Programming has two goals.
One goal is to do something, of course: calculate an amortization table, present a list of updated feeds, snipe someone on Ebay, or perhaps smash a human player's army. This goal is focused at a computing environment.
The other goal is - or should be - to transfer knowledge between programmers. This has a lot of benefits: it increases the number of people who understand a given piece of code, it frees a developer to do new things (since he's no longer the only person who can maintain a given program or process), and it often provides better performance - since showing Deanna your code gives her a chance to point out where your code can improve. Of course, this can be a two-edged sword, because Deanna may have biases that affect the code she writes (and therefore, what you might learn.)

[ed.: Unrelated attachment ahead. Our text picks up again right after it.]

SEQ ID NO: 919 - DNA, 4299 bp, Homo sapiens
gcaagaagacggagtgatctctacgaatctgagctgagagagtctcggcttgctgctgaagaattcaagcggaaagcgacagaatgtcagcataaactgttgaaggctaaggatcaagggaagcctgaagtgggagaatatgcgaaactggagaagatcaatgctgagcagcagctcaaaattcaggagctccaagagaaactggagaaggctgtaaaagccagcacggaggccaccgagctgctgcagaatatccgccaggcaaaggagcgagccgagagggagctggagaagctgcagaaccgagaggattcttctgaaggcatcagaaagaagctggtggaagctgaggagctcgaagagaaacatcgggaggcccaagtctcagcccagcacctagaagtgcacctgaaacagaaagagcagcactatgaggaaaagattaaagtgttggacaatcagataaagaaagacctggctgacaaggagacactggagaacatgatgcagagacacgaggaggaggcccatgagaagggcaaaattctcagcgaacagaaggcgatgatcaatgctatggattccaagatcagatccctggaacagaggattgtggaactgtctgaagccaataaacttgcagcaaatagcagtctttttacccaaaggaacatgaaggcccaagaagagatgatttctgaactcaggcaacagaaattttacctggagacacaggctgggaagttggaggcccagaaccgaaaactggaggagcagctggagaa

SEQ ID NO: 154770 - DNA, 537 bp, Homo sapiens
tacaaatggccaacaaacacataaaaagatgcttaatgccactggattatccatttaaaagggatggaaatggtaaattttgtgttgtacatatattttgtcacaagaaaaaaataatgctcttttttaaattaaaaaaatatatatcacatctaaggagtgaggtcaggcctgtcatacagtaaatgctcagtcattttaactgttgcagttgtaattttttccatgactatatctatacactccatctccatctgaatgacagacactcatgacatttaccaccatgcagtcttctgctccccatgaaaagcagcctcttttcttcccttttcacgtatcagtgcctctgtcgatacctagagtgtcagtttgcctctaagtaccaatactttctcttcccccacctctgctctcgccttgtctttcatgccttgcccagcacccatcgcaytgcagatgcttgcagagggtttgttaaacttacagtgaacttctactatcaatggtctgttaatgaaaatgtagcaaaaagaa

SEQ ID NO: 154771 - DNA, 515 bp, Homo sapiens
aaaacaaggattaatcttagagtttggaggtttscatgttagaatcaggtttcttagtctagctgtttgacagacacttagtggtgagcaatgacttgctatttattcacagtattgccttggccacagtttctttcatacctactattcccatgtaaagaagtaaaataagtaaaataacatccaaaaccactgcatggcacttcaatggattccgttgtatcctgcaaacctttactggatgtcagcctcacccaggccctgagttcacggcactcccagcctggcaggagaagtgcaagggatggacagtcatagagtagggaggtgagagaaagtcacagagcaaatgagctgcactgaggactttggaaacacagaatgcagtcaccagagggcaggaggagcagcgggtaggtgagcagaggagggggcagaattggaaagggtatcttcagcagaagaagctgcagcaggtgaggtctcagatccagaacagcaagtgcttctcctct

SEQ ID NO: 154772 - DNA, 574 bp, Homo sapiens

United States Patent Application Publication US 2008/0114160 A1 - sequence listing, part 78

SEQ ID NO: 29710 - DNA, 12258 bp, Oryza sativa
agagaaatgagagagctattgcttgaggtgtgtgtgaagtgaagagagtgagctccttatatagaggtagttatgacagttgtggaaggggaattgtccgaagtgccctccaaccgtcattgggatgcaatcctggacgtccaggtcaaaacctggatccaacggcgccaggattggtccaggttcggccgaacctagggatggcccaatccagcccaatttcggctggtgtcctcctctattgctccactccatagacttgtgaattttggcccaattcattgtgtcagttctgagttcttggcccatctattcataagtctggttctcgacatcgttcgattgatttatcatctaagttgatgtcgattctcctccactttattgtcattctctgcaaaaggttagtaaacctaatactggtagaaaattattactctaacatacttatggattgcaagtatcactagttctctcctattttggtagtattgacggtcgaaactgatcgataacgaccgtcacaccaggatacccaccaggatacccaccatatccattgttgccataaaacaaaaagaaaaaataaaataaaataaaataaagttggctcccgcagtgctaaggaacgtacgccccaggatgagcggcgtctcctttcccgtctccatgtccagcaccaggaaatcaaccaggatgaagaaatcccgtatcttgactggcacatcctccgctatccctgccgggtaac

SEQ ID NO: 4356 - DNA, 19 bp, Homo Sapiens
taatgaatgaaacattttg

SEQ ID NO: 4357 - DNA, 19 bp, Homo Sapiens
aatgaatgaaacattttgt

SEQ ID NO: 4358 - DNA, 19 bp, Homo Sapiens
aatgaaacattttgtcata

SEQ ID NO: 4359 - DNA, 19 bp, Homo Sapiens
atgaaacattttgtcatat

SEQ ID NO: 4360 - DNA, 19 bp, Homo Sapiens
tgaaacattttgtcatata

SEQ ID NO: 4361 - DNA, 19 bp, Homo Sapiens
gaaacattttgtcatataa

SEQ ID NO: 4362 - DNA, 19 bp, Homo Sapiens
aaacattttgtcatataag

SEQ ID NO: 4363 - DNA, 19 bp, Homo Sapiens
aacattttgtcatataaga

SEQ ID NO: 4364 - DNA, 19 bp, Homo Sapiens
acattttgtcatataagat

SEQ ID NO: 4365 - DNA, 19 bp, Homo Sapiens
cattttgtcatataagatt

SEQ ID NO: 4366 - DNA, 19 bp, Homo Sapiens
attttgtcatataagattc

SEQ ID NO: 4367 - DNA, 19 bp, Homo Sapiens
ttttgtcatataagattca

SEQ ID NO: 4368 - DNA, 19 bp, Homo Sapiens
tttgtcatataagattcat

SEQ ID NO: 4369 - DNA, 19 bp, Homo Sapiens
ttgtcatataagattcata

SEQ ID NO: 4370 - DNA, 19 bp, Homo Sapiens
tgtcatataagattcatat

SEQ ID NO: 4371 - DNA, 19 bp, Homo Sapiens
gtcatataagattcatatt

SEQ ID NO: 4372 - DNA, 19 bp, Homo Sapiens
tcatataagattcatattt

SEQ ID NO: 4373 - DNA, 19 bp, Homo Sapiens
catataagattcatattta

Nice reminder of one of the big goals of programming in my mind. Developers often get so busy that we furiously code with an eye only to the short-term end goal, while neglecting the longer-term goals of the development team as a whole. Deadlines may get met this way, but it's damaging over the long haul.